Lethe (Λήθη), spirit of forgetfulness
and oblivion, and of the river of the
same name
Limos (Λιμός), spirit of hunger and
The Litae (Λιταί), spirits of prayer
Lyssa (Λύσσα), spirit of rage, fury and
rabies in animals
The Machai (Μάχαι), spirits of fighting
and combat
Mania (Μανία), spirit or spirits of
madness, insanity, and frenzy
The Moirai, or "Fates" (Μοίραι)
Clotho (Κλωθώ), the spinner of
the life thread
Lachesis (Λάχεσις), the measurer
of the life thread
Atropos (Άτροπος), the severer of
the life thread
Momus (Μῶμος), spirit of mockery,
blame, censure and stinging criticism
Moros (Μόρος), spirit of doom
The Neikea (τὰ Νείκη), spirits of
quarrels, feuds and grievances
Nemesis (Νέμεσις), goddess of
revenge, balance, righteous
indignation, and retribution
Nike (Νίκη), goddess of victory
Nomos (Νόμος), spirit of law
Oizys (Ὀϊζύς), spirit of woe and misery
The Oneiroi (Ὄνειροι), Dreams
Palioxis (Παλίωξις), spirit of backrush,
flight and retreat from battle
Peitharchia (Πειθαρχία), spirit of
Peitho (Πειθώ), spirit of persuasion
and seduction
Penia (Πενία), spirit of poverty and
Penthus (Πένθος), spirit of grief,
mourning, and lamentation
Pepromene (Πεπρωμένη),
personification of the destined share,
similar to Heimarmene
Pheme (Φήμη), spirit of rumour, report,
and gossip
Philophrosyne (Φιλοφροσύνη), spirit of
friendliness, kindness, and welcome
Philotes (Φιλότης), spirit of friendship,
affection, and sexual intercourse
Phobos (Φόβος), spirit of panic fear,
flight, and battlefield rout
The Phonoi (Φόνοι), spirits of murder,
killing, and slaughter
Phrike (Φρίκη), spirit of horror and
trembling fear
Phthonus (Φθόνος), spirit of envy and
Pistis (Πίστις), spirit of trust, honesty,
and good faith
Poine (Ποίνη), spirit of retribution,
vengeance, recompense, punishment,
and penalty for the crime of murder
and manslaughter
Polemos (Πόλεμος), personification of
Ponos (Πόνος), spirit of hard labour
and toil
Poros (Πόρος), spirit of expediency,
the means of accomplishing or
providing, contrivance and device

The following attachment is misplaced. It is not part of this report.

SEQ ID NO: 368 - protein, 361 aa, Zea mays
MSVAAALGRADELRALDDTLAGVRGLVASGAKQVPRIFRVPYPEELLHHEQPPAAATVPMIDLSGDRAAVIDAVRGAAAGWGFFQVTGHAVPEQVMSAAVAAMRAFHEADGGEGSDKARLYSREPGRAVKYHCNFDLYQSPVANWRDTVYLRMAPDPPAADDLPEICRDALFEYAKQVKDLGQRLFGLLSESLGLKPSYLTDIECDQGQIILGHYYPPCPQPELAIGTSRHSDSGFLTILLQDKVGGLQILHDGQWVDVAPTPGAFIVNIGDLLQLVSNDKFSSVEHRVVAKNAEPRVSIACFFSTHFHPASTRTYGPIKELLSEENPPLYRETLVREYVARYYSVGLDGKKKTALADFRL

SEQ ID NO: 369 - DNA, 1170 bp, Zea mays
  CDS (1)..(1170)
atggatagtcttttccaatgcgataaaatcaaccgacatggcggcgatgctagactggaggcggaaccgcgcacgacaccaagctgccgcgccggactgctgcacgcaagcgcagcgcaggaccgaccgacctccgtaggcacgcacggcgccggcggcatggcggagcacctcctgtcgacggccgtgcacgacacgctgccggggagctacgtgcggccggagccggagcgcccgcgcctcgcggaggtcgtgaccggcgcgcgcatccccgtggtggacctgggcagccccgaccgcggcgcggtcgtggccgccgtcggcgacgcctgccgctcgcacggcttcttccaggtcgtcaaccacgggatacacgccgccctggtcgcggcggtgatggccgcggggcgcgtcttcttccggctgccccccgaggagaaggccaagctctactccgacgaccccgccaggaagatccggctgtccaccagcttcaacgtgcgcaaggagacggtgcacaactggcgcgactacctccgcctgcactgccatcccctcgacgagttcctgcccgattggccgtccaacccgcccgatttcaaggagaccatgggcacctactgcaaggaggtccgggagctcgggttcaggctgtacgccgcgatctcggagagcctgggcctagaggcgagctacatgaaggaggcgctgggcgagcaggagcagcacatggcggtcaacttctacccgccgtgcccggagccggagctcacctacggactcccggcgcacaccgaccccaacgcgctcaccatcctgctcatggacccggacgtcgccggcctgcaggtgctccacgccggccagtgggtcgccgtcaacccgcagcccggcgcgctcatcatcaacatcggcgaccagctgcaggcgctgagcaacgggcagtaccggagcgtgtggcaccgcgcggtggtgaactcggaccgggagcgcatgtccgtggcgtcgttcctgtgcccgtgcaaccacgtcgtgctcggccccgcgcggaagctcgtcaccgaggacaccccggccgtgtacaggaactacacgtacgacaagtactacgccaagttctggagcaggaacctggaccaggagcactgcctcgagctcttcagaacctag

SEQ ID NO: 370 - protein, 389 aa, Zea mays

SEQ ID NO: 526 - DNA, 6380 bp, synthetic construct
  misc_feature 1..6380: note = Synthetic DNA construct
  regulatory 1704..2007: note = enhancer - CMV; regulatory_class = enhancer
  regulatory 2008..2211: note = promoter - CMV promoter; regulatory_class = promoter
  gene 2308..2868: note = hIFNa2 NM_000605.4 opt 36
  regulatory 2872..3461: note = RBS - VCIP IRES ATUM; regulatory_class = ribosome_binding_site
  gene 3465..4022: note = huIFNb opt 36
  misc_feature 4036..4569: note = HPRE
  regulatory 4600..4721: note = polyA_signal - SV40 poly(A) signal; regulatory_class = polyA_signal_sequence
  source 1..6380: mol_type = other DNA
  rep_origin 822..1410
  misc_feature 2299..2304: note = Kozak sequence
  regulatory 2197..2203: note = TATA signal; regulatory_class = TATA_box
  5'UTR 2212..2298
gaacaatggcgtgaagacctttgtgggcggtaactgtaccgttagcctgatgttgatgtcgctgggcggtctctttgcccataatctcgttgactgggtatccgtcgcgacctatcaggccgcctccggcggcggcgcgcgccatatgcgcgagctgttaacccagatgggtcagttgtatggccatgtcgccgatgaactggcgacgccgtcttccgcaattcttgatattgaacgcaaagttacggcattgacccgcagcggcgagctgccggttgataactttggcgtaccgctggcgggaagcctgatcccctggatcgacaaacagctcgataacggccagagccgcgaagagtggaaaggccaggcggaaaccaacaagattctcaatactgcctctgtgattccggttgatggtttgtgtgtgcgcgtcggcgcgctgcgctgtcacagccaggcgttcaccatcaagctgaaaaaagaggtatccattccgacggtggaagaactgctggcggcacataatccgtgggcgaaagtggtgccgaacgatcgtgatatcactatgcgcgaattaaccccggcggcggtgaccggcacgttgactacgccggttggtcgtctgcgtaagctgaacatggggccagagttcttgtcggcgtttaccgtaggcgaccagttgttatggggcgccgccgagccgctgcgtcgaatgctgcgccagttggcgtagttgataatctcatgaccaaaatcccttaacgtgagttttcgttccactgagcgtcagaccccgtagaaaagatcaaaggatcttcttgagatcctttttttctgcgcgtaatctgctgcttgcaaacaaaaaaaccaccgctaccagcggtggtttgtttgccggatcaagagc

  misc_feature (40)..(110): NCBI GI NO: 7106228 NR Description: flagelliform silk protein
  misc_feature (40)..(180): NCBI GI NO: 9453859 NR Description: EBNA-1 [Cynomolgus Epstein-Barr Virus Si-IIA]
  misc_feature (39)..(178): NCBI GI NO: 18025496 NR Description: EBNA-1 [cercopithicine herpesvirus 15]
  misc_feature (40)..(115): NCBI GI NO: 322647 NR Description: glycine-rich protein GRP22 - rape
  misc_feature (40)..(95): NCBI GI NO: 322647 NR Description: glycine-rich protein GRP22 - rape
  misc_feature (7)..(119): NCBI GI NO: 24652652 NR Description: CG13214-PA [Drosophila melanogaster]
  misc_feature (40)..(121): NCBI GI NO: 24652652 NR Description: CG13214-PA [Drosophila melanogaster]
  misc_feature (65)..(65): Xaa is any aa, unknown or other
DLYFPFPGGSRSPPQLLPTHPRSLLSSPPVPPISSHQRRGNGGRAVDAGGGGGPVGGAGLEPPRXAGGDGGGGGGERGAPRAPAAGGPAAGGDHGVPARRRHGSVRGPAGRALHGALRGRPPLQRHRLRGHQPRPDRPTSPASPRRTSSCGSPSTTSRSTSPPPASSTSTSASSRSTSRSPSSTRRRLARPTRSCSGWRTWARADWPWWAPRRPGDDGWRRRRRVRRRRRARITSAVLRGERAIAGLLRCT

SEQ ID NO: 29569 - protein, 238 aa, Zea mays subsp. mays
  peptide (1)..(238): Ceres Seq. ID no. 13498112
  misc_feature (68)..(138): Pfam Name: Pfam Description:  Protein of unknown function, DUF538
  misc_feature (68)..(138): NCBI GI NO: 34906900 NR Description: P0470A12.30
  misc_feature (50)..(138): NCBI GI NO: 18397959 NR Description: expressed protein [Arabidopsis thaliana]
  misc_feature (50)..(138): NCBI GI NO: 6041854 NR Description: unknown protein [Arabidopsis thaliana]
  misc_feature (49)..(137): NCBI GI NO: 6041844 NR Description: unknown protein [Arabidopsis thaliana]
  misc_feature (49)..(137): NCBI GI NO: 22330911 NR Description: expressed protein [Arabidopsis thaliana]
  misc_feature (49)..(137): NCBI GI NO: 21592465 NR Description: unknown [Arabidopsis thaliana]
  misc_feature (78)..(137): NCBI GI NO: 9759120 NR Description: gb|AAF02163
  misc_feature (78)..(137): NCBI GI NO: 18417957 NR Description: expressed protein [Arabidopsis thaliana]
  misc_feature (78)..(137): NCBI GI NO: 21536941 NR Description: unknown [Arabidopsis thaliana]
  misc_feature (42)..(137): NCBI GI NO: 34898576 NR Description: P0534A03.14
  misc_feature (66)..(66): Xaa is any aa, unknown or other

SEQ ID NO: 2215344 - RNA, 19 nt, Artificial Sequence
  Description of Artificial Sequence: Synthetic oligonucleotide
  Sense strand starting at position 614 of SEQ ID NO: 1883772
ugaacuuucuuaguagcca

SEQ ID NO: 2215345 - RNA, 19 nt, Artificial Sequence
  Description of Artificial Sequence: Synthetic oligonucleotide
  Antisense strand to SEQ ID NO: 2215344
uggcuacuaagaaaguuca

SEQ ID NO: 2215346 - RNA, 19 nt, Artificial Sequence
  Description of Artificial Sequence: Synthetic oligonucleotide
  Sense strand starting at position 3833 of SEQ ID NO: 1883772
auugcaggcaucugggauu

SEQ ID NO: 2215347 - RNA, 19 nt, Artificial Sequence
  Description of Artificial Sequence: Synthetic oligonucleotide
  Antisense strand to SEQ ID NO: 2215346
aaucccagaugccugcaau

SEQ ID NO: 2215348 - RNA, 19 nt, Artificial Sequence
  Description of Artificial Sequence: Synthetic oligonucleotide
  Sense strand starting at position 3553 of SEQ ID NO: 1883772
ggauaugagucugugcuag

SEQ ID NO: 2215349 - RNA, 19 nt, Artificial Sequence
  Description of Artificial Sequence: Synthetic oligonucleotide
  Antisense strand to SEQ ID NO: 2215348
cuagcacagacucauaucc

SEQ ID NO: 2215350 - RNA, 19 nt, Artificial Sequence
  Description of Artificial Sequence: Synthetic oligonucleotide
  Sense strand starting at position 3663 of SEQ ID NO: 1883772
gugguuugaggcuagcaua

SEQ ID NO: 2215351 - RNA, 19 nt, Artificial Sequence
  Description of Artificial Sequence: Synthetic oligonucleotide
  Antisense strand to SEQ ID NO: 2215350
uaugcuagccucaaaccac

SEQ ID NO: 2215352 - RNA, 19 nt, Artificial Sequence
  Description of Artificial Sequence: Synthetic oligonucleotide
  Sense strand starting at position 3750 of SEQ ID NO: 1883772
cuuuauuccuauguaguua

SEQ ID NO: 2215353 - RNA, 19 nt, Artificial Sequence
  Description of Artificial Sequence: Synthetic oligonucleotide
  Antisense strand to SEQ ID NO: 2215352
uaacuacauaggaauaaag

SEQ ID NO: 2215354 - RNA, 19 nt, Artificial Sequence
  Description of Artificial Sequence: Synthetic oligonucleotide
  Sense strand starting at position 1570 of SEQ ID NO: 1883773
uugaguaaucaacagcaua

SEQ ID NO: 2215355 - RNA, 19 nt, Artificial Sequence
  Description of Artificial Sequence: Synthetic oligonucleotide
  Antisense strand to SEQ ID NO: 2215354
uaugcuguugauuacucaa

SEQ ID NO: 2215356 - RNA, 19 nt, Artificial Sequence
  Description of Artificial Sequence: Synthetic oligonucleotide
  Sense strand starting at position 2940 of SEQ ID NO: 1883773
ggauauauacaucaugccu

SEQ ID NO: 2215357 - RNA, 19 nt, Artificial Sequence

Praxidike (Πραξιδίκη), spirit of
exacting justice
Proioxis (Προίωξις), spirit of onrush
and battlefield pursuit
Prophasis (Πρόφασις), spirit of
excuses and pleas
Ptocheia (Πτωχεία), spirit of beggary
Roma, a female deity who personified
the city of Rome
Soter (Σωτήρ), male spirit of safety,
preservation, and deliverance from
Soteria (Σωτηρία), female
personification of safety, preservation,
and deliverance from harm
Sophrosyne (Σωφροσύνη), spirit of
moderation, self-control, temperance,
restraint, and discretion
Techne (Τέχνη), personification of art
and skill
Thanatos (Θάνατος), spirit of death
and mortality
Thrasos (Θράσος), spirit of boldness
Tyche (Τύχη), goddess of fortune,
chance, providence, and fate
Zelos ( Ζῆλος), spirit of eager rivalry,
emulation, envy, jealousy, and zeal

Chthonic deities

Amphiaraus (Ἀμφιάραος), a hero of

the war of the Seven Against Thebes
who became an oracular spirit of the
Underworld after his death
Angelos (Ἄγγελος), a daughter of Zeus
and Hera who became an underworld
Askalaphos (Ἀσκάλαφος), the son of
Acheron and Orphne who tended the
Underworld orchards before being
transformed into a screech owl by
Cerberus (Κέρβερος), the three-
headed hound who guarded the gates
of Hades
Charon (Χάρων), ferryman of Hades
Cronus (Κρόνος), deposed king of the
Titans; after his release from Tartarus
he was appointed king of the Island of
the Blessed
Empusa (Ἔμπουσα), a monstrous
underworld spirit or spirits with flaming
hair, the leg of a goat and a leg of
bronze. They are also servants of
Erebos (Ἔρεβος), the primeval god of
darkness, his mists encircled the
underworld and filled the hollows of
the earth
The Erinyes (Ἐρινύες), the Furies,
goddesses of retribution, known as
"The Kindly Ones"
Alecto (Ἀληκτώ), the unceasing
Tisiphone (Τισιφόνη), avenger of
Megaera (Μέγαιρα), the jealous
Hecate (Ἑκάτη), goddess of magic,
witchcraft, the night, moon, ghosts,
and necromancy
Judges of the Dead